Discontinued MLB Opening Day Traditions

opening day

Opening Day in baseball is a special day for baseball fans throughout the country, providing tangible reinforcement of dreams that sunny summer days will soon be upon us and, hopefully, a championship for the home team may be just seven months away. Major League Baseball has done an excellent job building up the celebration of this time of year. Likewise, each team has their own ways of adding to the pageantry. Some of those grand traditions, however, simply don’t last….

ARIZONA DIAMONDBACKS – In what started as a practical joke in 2005, D-backs management chose to replace manager Bob Melvin in the dugout with a cactus in a Bob Melvin jersey during the season opener. The next year, they repeated the gag and the tradition was born. It ended in 2009 when someone finally noticed.

CINCINNATI REDS– Starting in 1979, a local radio station began providing fans free turkeys by dropping them from a helicopter onto a vacated area of the parking lot near Riverfront Stadium. The turkey drop was ended in 1982 when an adolescent organization known as PETA demanded they either put an end to it or at least stop using live turkeys.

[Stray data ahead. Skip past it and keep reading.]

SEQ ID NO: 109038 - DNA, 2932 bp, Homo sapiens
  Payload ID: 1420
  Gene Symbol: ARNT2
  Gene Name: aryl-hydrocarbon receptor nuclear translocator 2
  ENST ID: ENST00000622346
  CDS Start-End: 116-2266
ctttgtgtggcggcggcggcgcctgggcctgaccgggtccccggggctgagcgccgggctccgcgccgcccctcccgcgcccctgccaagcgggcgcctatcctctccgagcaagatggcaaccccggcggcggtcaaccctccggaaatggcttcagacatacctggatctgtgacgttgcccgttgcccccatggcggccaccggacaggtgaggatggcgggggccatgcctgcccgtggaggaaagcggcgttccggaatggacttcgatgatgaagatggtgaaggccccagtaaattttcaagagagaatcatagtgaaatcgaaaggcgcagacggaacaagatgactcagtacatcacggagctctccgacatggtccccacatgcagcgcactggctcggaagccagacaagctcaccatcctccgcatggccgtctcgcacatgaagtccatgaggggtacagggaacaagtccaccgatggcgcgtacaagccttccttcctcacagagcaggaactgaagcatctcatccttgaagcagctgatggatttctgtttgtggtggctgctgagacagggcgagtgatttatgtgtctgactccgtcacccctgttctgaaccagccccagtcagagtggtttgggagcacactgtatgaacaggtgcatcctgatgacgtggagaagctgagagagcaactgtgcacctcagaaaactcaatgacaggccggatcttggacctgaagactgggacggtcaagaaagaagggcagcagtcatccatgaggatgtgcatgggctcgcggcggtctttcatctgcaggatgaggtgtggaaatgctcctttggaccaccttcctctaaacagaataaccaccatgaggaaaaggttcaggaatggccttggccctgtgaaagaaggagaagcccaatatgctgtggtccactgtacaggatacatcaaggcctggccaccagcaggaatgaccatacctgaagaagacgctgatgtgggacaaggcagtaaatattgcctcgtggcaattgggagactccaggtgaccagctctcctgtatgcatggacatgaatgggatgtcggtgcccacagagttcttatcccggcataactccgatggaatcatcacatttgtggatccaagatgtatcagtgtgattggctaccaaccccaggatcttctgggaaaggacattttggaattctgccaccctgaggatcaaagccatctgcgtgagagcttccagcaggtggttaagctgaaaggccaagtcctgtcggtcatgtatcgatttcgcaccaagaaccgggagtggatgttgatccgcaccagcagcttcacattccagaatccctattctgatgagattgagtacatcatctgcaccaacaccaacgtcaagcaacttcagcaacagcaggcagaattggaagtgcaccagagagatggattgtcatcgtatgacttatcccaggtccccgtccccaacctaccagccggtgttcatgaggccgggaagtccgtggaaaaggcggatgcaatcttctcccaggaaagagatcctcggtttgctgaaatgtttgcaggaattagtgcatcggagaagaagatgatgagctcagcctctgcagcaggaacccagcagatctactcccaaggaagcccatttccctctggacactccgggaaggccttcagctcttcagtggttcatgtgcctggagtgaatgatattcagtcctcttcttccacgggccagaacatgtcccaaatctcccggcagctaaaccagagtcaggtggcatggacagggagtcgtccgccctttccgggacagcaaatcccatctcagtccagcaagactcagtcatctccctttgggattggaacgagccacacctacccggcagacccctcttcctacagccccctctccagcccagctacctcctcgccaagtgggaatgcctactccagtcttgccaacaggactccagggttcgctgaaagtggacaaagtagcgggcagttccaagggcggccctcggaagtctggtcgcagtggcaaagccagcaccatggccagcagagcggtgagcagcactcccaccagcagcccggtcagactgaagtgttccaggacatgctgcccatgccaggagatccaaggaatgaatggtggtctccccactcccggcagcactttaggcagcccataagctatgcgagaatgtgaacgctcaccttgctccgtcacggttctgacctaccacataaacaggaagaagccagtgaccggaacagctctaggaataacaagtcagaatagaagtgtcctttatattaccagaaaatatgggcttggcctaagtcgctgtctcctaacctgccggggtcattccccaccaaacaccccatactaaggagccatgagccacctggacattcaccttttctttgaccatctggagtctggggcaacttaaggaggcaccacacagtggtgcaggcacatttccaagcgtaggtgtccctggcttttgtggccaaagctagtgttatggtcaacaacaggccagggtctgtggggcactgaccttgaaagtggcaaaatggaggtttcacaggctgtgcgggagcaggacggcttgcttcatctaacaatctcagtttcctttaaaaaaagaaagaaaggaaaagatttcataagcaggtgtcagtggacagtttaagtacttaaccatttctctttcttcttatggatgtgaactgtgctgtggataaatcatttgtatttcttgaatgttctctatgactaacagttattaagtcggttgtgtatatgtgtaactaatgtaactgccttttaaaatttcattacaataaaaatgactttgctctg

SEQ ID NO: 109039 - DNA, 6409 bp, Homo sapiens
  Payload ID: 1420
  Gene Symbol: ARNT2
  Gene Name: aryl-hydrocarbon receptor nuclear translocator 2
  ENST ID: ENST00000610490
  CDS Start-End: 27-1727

NEW YORK YANKEES – During a number of years from 1975 to 1988, it became tradition for Yankees fans to try to avoid being on the road when Billy Martin was driving home from the bar after the home opener.

ST LOUIS CARDINALS – For years, it became routine on Opening Day for Cards fans to gather at the ballpark and pat each other on the back simply for being Cardinals fans. The franchise put an end to it only recently after realizing the fans were so obsessed with themselves that they were completely oblivious to the game itself.

ATLANTA BRAVES – In the 80s, long before shows like Man vs Food, Braves players would challenge one of their own to eat as much of the lavish opening day postgame spread as possible in 60 minutes. The last of these challenges culminated with documented “fat tub of goo” pitcher Terry Forster unintentionally ingesting diminutive second baseman Glenn Hubbard.

SEATTLE MARINERS – At the beginning of each season starting in 1986, the M’s had promotional giveaways featuring bobbleheads of local pop culture icons. For example, a Bill Gates bobblehead was presented to fans in the year 2000. Public outcry brought this gift pattern to an ugly end in 1995 after 20,000 fans were given Kurt Cobain bobbleheads without a head.

TEXAS RANGERS – Every season future president George W Bush held partial ownership of the franchise, the home opener was preceded by a “Texas Rangers, World Champions” banner raising.

MONTREAL EXPOS – Les Expos de Montréal had a quaint little tradition of actually existing.

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